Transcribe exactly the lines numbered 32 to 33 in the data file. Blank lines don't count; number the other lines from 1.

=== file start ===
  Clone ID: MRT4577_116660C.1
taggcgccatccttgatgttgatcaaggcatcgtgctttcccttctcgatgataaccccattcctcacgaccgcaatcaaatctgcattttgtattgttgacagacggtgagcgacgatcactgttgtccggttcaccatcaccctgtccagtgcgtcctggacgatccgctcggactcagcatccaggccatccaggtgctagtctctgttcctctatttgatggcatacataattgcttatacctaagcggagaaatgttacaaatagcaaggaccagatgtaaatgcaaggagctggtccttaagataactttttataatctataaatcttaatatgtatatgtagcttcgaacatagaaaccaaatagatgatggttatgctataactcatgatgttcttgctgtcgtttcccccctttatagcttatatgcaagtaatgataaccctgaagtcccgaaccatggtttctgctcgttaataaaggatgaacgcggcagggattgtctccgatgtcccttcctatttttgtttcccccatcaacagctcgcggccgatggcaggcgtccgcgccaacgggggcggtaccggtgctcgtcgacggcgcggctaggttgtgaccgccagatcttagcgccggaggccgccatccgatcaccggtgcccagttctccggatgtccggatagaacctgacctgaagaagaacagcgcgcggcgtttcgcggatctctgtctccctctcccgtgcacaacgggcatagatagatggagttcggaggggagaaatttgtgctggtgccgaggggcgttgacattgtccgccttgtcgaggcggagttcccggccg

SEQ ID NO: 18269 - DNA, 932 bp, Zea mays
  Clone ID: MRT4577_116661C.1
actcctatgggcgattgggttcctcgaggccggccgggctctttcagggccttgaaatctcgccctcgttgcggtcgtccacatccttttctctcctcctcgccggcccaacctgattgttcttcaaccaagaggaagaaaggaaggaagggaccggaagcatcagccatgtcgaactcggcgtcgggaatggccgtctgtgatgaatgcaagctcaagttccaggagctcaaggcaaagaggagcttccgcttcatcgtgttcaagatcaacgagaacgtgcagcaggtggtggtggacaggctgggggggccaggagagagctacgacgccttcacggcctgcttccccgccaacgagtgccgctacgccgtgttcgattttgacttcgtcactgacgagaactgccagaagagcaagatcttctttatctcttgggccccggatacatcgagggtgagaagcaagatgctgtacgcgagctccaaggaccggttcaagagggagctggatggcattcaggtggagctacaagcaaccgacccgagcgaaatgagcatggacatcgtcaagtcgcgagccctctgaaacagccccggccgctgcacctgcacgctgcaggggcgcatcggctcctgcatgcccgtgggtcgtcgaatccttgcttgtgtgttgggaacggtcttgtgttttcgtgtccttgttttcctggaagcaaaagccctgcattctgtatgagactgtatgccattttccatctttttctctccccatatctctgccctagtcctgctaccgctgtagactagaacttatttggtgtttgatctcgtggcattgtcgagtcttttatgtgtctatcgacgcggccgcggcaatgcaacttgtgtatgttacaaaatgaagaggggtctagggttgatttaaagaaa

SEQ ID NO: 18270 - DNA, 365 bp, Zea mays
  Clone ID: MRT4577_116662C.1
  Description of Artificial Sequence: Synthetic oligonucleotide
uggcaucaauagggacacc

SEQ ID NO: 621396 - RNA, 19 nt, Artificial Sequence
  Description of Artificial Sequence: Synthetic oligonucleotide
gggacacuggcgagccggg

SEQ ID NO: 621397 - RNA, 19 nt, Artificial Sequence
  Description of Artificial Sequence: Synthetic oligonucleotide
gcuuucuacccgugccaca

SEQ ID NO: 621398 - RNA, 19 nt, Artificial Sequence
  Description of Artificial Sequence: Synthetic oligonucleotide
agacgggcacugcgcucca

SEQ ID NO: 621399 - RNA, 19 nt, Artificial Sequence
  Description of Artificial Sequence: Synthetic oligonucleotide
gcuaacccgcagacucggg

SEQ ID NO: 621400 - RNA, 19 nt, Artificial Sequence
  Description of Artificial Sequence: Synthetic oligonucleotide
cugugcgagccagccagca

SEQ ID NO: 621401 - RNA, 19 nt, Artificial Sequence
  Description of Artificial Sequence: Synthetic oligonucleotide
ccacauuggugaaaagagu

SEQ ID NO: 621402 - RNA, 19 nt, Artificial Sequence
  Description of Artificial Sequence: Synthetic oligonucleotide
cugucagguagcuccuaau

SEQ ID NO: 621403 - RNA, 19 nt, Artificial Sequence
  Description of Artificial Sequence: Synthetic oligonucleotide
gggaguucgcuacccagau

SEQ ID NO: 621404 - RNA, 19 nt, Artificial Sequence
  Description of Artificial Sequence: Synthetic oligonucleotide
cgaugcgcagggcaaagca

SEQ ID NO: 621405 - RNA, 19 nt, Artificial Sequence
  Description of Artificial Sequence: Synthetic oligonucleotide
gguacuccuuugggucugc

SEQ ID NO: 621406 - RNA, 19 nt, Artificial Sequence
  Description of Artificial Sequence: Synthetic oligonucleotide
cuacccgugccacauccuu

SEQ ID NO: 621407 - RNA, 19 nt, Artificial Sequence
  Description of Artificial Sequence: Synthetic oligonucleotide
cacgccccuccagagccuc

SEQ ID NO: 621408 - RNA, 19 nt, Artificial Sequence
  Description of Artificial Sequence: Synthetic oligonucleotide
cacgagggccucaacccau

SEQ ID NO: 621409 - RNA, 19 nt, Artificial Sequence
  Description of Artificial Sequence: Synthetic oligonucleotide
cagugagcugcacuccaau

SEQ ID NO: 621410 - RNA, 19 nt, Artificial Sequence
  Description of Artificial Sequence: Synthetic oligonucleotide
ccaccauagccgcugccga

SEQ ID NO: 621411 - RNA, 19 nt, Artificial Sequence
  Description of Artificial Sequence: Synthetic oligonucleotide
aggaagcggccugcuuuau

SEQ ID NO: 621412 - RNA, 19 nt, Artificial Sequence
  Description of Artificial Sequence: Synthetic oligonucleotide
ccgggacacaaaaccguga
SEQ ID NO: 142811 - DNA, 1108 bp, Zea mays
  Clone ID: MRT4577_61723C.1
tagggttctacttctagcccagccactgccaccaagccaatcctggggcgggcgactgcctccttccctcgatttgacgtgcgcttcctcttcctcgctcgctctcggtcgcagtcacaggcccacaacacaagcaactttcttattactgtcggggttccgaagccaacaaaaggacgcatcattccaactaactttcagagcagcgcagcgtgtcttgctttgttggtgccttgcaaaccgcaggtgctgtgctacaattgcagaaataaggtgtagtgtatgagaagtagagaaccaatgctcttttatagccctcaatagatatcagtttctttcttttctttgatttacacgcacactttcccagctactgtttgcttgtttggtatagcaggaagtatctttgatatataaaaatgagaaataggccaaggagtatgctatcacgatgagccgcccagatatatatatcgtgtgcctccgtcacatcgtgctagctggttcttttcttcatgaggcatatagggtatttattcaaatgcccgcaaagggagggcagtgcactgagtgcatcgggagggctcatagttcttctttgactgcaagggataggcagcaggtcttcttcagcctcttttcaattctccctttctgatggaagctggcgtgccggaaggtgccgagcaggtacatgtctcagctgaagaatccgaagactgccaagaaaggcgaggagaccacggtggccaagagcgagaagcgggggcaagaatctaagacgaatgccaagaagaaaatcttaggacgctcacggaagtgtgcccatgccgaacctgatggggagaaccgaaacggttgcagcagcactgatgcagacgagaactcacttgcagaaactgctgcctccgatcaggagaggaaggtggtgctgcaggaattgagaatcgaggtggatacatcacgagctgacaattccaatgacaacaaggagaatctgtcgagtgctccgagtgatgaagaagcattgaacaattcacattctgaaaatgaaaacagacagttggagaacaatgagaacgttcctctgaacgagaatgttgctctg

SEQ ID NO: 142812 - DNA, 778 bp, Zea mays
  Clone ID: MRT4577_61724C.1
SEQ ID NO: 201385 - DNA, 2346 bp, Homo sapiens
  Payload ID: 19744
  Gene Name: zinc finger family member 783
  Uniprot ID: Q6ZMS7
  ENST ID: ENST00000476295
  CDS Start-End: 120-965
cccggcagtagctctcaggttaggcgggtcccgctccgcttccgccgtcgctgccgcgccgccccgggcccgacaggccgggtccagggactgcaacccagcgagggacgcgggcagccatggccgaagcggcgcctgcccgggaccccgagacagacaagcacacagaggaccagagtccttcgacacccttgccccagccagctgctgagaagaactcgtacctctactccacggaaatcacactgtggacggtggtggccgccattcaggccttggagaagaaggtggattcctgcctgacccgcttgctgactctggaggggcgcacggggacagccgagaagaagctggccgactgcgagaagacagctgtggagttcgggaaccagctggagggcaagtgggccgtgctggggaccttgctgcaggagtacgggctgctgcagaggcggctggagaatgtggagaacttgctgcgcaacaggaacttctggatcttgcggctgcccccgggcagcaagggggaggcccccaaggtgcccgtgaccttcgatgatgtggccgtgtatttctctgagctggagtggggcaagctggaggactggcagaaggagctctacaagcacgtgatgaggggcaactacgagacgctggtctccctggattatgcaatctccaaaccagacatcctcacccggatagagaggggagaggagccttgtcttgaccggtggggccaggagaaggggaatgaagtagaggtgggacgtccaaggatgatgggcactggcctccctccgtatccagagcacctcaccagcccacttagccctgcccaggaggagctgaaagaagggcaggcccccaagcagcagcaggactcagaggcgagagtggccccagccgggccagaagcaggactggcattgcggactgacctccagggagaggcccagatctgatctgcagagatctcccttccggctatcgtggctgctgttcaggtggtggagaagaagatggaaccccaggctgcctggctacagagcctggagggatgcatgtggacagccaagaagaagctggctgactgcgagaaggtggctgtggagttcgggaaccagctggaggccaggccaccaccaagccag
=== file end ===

  Description of Artificial Sequence: Synthetic oligonucleotide
gggaguucgcuacccagau